As the use of artificial intelligence (AI) ) technology continues to advance, a new and potentially dangerous trend is emerging: deepfakes. Deepfakes are digital creations that use machine learning algorithms to manipulate audio, video, and images in a way that makes it appear as though someone is saying or doing something that they did not actually say or do. These fakes can be highly convincing, making it difficult for people to differentiate between real and fake content.
The potential for deepfakes to spread misinformation and propaganda is a major concern, with 62% of the people admitting that they think the technology is dangerous. For example, deepfakes could be used to create fake news stories, manipulate political discourse, or even impersonate public figures in order to sway public opinion. What this looks like in practice, can be seen in the video below. In the video, a deepfake of Volodymyr Zelensky, the president of Ukraine, tells his forces to surrender to the Russians. This is a good example of how this technique could be used in warfare. And not just the face of Zelensky was used already, among the impersonated political figures are Vladimir Putin, the late queen Elizabeth and the former president Obama. To see for yourself how convincing generated images can be, you could visit https://thispersondoesnotexist.com. Where, just like the name, each time a not existing face is generated.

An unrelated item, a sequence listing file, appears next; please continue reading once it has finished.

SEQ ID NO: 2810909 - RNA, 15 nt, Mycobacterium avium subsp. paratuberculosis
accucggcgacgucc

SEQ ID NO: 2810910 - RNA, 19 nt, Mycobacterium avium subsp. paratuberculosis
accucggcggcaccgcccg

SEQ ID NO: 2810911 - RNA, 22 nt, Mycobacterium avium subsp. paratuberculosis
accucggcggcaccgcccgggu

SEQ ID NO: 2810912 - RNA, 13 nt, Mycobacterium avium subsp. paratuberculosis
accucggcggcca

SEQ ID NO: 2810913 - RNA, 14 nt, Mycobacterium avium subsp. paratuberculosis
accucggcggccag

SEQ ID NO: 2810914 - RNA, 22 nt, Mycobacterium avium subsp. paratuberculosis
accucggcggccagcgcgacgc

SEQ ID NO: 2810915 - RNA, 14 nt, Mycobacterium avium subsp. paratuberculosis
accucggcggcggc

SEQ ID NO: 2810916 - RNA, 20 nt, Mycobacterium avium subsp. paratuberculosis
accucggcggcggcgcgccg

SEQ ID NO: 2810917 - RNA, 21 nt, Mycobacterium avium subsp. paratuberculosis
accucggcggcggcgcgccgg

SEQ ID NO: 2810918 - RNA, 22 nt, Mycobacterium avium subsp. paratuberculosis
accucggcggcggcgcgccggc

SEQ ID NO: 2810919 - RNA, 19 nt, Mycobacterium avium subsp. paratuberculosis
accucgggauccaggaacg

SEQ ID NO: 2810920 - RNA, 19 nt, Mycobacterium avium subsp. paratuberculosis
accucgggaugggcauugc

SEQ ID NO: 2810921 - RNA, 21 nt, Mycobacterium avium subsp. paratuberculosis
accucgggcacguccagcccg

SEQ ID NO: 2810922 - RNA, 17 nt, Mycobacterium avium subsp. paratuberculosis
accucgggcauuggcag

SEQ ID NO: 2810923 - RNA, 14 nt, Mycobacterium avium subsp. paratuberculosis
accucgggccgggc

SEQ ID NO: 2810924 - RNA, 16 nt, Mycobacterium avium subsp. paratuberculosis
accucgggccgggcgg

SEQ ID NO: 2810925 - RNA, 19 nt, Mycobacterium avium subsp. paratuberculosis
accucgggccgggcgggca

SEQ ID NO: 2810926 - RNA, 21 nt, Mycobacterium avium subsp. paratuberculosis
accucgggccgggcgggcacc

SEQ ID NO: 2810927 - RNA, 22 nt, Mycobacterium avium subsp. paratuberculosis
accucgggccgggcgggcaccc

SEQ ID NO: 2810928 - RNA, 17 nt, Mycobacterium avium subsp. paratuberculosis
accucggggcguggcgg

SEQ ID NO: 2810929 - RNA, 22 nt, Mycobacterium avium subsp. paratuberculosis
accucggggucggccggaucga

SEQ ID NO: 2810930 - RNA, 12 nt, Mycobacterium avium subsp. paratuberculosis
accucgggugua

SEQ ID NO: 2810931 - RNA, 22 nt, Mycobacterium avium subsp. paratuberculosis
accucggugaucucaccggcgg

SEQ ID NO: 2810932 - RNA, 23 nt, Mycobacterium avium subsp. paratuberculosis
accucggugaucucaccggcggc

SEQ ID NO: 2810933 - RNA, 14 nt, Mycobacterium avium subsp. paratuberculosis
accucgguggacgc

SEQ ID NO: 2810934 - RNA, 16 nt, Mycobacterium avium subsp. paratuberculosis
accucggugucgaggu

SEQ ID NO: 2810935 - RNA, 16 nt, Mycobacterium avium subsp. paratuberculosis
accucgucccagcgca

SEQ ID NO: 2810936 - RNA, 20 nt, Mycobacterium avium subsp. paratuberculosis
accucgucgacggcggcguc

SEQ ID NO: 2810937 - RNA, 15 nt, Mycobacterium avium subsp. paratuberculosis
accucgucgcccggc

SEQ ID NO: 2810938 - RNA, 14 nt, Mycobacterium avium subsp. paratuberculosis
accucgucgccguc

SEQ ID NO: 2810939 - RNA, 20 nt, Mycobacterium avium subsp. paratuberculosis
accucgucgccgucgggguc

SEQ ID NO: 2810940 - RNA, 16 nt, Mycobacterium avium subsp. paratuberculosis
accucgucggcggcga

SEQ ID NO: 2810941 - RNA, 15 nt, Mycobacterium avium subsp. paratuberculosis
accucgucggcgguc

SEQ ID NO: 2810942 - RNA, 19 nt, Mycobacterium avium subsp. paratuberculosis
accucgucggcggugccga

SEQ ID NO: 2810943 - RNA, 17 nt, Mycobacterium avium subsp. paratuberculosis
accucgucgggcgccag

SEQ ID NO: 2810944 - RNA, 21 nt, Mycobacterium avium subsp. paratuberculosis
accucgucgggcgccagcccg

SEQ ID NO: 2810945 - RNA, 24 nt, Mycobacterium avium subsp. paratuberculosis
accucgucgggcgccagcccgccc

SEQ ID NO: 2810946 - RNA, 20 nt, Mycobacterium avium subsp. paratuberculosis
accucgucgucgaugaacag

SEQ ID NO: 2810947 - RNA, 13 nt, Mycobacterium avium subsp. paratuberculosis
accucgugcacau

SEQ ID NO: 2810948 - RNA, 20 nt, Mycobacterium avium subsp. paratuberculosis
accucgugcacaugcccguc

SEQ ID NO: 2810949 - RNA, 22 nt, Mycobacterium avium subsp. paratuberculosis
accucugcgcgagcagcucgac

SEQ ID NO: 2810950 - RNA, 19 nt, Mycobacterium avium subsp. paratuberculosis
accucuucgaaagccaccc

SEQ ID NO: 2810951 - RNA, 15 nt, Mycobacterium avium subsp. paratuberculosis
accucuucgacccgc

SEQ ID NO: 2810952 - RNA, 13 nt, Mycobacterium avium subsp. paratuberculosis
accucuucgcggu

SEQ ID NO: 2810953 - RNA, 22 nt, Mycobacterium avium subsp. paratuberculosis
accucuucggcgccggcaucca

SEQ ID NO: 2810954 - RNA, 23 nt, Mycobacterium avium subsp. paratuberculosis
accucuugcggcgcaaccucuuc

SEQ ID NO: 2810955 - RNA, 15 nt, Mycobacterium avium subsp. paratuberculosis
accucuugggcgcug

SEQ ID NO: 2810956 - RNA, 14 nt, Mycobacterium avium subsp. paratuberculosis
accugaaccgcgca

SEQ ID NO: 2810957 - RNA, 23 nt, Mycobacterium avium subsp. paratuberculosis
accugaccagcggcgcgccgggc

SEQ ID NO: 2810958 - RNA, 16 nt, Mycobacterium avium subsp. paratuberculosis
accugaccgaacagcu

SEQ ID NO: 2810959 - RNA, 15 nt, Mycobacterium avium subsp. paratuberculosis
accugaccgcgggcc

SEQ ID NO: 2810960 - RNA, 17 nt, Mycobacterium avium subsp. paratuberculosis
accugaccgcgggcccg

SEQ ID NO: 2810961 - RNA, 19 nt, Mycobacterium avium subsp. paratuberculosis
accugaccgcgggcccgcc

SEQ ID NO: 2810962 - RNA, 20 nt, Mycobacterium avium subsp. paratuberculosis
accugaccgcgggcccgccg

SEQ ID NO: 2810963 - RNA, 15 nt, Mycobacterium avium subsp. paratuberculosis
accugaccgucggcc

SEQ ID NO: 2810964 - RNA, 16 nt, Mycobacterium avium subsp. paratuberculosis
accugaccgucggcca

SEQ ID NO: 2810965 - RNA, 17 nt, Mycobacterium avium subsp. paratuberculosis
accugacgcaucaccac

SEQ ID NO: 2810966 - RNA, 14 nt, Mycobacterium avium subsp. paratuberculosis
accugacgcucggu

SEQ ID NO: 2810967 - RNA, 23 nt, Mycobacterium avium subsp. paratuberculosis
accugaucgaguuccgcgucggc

There are also concerns about the potential for deepfakes to be used to harass or defame individuals. It is now easy for anyone with access to the necessary technology to create fake videos or images that depict someone in a compromising or embarrassing situation. Research by Deeptrace found that 96% of all deepfakes are pornographic, and 99% of them used the faces of female celebrities. One of these victims includes the Dutch presenter Welmoed Sijtsma, whose face was used to create a deepfake porn video. Because of the documentary she made, now the biggest party in the Netherlands wants to ban deepfakes.